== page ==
Do these warning signs apply to your loved one? GamCare runs the National Gambling Helpline. Freephone 0808 8020 133 or talk via web chat at: www.gamcare.org.uk. They provide information, advice and support for anyone affected by gambling. Advisers are available 24/7, every day of the year.
She hopes others who have overcome the addiction will come out of the shadows to highlight that there is a way out.
Jo said: “If people like ourselves can just hold our hands up and say, ‘Look, it's going to be okay, there is help out there,’ then that's only a positive thing to do.”
To find out more, visit: GamCare.org.uk .
‘I half my life on gambling & wife had to quit job to nurse me back to health,’ says England's Peter Shilton
HE’S among the top 10 goalkeepers of the 20th Century, remains England's most capped player and holds the world record for most appearances in football.
Peter Shilton, 72, has many incredible achievements to choose from when reflecting upon his life but his greatest of all was overcoming addiction.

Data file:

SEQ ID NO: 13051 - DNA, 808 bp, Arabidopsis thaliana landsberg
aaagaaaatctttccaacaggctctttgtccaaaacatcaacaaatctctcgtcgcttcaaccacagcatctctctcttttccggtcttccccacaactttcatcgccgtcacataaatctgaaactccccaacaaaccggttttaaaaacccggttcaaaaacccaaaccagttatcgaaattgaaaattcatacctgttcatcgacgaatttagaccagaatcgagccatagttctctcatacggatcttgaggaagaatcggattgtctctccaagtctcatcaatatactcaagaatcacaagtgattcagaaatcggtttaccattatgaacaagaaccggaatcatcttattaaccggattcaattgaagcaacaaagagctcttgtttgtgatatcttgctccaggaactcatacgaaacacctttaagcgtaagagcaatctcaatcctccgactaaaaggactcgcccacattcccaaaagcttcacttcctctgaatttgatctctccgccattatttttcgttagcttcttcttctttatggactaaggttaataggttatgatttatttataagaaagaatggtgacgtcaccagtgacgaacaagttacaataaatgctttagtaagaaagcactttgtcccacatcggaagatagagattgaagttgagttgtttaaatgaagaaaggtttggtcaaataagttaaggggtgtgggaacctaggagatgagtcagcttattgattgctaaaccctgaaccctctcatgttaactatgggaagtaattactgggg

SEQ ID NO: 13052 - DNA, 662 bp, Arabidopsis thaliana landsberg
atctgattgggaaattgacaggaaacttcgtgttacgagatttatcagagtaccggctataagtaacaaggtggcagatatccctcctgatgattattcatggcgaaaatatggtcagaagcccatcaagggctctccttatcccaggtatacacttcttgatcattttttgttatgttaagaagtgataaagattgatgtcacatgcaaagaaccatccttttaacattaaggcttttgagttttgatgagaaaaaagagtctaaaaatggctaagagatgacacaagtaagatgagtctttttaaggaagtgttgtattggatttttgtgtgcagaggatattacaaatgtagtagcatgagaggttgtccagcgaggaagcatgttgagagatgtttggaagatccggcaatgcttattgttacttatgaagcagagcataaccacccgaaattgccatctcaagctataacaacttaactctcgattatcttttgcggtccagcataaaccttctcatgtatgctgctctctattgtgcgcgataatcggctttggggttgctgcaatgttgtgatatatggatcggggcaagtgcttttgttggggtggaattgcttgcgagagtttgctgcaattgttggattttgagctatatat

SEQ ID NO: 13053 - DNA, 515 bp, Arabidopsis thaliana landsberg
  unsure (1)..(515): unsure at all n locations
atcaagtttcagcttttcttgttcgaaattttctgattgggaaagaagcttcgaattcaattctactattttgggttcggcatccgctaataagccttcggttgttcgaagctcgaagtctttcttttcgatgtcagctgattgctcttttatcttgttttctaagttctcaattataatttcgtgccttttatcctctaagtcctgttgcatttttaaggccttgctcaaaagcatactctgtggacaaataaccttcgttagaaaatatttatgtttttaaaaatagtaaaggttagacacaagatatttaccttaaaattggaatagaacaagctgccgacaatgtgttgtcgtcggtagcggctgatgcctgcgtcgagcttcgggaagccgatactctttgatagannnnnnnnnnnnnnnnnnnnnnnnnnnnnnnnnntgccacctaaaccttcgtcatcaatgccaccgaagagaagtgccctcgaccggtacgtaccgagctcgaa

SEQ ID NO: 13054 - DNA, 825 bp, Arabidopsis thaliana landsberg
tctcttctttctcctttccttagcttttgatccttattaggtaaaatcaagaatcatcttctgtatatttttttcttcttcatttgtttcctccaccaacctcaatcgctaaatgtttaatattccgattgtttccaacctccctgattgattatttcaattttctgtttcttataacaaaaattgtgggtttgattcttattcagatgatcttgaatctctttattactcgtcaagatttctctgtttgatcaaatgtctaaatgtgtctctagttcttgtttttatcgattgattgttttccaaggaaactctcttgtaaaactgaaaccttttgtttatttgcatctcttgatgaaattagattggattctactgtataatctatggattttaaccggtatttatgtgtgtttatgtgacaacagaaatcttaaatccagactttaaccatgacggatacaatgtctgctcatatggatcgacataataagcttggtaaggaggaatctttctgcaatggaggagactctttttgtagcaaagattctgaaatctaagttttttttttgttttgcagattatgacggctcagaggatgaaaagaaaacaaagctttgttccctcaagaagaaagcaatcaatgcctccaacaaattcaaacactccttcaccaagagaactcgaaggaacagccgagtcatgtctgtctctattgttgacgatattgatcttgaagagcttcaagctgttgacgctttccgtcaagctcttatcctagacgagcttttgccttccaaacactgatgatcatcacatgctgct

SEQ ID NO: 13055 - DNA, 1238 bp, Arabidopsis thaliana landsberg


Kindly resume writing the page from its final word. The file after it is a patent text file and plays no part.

“I stopped gambling and it was the best decision of my life, my life changed forever for the good,” he told The Sun.
At the height of Peter’s problem, he lost a staggering £20,000 in a day and frittered away £800,000 to one betting firm alone.
His 45-year addiction left his marriage to former Jazz singer Steph, who’s 21 years his junior, hanging in the balance.
“I had 20 plus years in the NHS as a manager. I gave that up to support my husband in his recovery and withdrawal,” she explained.
“People think that Peter woke up one morning and said, ‘I’m going to quit’ and we ran off into the sunset but we didn’t. We climbed a mountain and it was a long recovery.”